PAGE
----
Did the Vapor Industry Just Dodge an Expensive Bullet?
Most Americans have by now heard of the Biden Administration’s Build Back Better Act, which was recently passed by the House and promptly shelved by the Senate. Most Americans also know that, among other things, the Build Back Better Act would have imposed a minimum tax on the profits of large corporations, that it sought to reduce the childcare cost burden on most American families, and that it contained a large tax credit for new electric vehicle purchases.
At just under 2,500 pages, what you may have missed were the major changes to the way in which the federal government would assess and collect new taxes on manufacturers and importers of nicotine – even synthetic nicotine – destined for use in vapor products (or just about any product, for that matter). You will find that provision appropriately titled “Imposition Of Tax On Nicotine For Use In Vaping, etc. – .”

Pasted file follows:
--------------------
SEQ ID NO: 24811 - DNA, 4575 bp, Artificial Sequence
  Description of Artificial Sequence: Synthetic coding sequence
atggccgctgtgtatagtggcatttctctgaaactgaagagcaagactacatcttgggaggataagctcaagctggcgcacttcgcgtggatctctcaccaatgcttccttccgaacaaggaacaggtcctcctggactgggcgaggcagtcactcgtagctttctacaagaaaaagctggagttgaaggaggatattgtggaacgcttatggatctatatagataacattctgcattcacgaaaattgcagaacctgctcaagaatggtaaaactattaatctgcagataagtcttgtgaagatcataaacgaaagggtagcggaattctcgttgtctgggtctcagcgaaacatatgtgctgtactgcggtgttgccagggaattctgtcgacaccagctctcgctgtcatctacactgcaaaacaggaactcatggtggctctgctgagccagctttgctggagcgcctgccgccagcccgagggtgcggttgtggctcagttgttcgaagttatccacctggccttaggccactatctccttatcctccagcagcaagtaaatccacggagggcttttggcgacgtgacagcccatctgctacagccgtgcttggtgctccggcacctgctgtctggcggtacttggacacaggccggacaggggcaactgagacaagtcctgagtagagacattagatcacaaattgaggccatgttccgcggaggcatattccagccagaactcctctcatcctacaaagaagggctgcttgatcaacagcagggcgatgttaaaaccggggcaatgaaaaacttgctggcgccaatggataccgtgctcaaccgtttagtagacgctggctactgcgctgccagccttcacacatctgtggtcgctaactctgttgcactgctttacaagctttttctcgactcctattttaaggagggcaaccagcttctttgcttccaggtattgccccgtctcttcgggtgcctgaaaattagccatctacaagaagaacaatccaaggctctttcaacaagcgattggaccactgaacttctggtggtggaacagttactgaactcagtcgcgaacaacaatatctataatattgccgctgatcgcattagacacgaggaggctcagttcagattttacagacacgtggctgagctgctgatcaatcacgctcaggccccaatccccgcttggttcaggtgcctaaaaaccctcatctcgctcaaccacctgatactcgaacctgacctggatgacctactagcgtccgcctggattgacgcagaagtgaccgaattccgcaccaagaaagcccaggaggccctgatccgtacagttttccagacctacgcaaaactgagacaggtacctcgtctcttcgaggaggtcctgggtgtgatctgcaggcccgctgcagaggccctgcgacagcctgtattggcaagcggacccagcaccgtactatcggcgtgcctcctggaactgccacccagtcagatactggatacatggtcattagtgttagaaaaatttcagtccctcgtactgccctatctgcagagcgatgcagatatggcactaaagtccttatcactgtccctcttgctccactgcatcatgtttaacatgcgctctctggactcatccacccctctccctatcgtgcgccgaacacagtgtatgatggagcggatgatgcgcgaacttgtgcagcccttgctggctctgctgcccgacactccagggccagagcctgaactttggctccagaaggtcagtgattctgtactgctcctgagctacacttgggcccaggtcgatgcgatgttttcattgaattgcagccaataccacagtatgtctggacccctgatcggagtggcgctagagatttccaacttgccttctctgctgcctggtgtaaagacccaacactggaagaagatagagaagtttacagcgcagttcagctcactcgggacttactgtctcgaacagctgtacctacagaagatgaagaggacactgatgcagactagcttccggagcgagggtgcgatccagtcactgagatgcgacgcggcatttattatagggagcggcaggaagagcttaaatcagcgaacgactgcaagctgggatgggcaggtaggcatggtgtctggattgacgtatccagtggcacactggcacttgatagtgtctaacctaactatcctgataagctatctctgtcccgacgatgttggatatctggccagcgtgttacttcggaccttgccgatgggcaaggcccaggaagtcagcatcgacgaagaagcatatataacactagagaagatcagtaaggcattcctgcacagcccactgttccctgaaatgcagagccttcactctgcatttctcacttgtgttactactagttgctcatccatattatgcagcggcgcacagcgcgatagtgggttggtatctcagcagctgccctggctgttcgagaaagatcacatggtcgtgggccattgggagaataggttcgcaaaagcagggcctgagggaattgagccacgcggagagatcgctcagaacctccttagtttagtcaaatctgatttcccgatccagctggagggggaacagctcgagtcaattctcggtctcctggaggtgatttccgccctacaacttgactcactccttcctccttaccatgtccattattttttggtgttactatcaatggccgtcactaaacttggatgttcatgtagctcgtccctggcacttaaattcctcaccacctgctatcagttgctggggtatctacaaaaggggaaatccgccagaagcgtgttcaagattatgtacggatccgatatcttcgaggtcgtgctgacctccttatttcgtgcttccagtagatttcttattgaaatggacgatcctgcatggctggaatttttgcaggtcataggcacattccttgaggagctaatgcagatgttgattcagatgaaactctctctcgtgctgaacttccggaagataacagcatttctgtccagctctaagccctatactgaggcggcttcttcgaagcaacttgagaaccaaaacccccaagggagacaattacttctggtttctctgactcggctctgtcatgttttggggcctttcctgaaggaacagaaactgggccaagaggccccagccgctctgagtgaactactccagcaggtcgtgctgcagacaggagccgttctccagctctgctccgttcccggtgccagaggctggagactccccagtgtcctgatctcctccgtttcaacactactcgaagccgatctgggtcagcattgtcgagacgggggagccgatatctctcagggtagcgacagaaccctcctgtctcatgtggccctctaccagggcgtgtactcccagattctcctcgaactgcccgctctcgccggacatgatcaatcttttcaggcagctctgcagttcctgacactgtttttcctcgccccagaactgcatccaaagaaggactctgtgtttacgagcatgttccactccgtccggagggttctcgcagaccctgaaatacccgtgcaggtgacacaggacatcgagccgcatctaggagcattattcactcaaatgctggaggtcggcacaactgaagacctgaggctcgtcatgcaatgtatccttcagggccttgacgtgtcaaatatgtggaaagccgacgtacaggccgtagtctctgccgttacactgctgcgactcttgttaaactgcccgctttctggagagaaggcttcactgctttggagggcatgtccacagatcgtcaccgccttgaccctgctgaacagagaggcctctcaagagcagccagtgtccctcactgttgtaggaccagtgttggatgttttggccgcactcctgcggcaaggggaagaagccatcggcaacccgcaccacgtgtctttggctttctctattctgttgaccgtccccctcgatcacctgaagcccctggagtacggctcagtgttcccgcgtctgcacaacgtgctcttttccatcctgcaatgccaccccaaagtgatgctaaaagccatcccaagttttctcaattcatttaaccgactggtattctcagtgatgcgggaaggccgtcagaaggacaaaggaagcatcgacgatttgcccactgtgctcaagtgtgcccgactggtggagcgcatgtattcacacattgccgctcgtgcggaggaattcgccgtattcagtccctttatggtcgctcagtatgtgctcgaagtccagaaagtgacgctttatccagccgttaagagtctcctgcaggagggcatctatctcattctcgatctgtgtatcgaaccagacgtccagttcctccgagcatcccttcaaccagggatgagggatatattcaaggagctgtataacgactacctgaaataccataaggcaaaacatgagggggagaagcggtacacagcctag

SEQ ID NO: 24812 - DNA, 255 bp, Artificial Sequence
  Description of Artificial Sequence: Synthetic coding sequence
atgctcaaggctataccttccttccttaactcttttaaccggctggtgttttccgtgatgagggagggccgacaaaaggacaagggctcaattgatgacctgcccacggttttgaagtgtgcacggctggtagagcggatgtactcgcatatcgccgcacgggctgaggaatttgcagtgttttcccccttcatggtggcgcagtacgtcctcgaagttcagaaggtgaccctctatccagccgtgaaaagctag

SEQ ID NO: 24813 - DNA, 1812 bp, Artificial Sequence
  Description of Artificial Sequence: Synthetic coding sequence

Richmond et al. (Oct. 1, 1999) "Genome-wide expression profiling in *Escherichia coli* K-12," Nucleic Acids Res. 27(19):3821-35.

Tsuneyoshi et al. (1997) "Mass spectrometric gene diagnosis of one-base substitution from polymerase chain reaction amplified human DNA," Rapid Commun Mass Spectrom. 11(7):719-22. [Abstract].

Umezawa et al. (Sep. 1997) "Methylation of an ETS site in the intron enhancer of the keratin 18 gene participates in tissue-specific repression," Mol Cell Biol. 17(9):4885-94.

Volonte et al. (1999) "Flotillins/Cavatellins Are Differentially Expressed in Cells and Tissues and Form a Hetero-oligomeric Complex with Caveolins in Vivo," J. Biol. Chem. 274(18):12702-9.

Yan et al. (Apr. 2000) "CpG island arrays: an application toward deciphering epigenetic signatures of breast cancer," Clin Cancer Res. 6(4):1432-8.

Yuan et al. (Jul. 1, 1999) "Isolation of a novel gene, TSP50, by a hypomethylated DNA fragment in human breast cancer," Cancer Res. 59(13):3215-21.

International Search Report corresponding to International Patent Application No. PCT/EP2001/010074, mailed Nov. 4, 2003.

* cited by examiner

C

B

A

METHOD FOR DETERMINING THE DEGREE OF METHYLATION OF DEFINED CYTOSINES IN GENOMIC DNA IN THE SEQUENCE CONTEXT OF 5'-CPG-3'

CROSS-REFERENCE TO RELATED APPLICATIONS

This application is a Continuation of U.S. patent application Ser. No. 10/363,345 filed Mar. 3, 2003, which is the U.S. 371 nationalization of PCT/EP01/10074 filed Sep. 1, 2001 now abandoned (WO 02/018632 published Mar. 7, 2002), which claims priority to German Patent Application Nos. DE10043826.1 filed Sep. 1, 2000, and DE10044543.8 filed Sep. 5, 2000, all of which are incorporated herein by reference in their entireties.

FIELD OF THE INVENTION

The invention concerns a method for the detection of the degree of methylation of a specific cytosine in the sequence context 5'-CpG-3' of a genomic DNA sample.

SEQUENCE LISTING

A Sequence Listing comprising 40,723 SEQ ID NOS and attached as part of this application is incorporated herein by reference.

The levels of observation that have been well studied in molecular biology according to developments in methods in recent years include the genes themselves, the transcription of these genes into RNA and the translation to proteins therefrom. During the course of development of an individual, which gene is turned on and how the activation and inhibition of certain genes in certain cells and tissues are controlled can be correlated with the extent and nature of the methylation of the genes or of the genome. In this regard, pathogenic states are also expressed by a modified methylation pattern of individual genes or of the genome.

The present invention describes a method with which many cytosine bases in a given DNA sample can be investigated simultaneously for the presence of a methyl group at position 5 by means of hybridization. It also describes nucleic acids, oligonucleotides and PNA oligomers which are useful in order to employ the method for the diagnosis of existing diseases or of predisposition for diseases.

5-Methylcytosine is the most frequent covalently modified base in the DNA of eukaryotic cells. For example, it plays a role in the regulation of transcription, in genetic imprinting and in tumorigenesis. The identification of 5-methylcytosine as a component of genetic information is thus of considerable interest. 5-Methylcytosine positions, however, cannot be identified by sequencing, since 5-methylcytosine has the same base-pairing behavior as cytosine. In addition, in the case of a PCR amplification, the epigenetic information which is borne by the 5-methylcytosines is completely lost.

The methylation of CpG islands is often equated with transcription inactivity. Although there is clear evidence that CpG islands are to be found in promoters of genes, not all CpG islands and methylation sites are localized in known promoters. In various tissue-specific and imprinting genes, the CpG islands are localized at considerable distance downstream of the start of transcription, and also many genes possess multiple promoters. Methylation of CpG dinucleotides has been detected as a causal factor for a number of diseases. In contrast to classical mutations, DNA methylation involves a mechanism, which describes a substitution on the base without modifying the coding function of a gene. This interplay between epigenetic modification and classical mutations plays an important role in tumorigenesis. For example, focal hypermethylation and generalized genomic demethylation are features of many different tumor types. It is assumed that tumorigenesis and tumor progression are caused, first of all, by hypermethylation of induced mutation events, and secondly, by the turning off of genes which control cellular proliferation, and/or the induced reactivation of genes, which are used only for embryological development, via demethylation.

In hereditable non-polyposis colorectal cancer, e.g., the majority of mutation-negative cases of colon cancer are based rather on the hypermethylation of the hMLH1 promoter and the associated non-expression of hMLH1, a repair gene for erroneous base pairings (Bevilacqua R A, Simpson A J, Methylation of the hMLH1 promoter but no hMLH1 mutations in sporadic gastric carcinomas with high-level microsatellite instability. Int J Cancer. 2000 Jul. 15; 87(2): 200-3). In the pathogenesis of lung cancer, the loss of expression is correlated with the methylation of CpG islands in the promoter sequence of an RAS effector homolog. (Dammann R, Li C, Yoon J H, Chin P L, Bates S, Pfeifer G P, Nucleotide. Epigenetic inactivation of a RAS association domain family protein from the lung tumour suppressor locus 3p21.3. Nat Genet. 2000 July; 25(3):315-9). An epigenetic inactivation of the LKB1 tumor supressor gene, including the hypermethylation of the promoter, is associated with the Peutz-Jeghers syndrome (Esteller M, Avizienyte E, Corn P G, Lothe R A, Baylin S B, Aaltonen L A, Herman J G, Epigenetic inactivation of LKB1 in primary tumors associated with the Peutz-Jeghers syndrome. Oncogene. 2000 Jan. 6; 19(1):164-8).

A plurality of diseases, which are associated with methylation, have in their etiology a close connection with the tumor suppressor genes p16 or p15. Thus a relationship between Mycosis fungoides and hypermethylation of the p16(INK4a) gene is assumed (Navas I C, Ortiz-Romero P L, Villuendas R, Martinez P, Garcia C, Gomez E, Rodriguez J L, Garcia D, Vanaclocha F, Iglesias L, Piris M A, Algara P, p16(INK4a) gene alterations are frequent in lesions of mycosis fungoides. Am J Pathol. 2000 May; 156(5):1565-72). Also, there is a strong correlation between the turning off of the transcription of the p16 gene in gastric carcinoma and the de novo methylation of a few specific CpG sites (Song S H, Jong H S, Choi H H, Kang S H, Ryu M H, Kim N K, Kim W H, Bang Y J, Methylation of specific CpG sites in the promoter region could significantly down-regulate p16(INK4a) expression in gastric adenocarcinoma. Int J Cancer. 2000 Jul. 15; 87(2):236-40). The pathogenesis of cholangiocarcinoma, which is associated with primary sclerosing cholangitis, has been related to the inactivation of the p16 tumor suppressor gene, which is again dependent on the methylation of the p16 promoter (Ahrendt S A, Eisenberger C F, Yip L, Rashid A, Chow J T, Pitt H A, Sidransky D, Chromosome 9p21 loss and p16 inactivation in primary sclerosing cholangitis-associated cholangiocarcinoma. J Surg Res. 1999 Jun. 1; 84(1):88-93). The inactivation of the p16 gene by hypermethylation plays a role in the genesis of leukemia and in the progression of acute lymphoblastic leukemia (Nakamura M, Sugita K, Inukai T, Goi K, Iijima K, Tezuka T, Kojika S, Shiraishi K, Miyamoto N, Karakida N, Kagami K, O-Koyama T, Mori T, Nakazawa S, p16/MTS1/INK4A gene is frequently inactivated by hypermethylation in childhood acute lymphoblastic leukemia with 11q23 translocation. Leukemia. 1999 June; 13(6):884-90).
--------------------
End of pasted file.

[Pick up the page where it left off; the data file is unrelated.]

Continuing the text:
The proposed new tax on synthetic nicotine is based on an extension of an existing tax on cigarettes and would likely have resulted in a significant cost burden on everyone in the synthetic nicotine chain, from manufacturers down to retailers. As of this writing, however, the bill – and its proposed nicotine tax – appears largely sidelined. While the Clark-Esposito Law Firm, P.C. continues to monitor updates on the possibility of renewed Senate negotiations over the bill, companies who would be affected by the tax should take a few moments to learn about the structure of the tax, just in case the bill is resurrected. To learn more about the details of the bill, click the button below to read our full article. In the article we also outline some of the regulatory implications which would likely flow from the Build Back Better Act’s definition of “taxable nicotine.”
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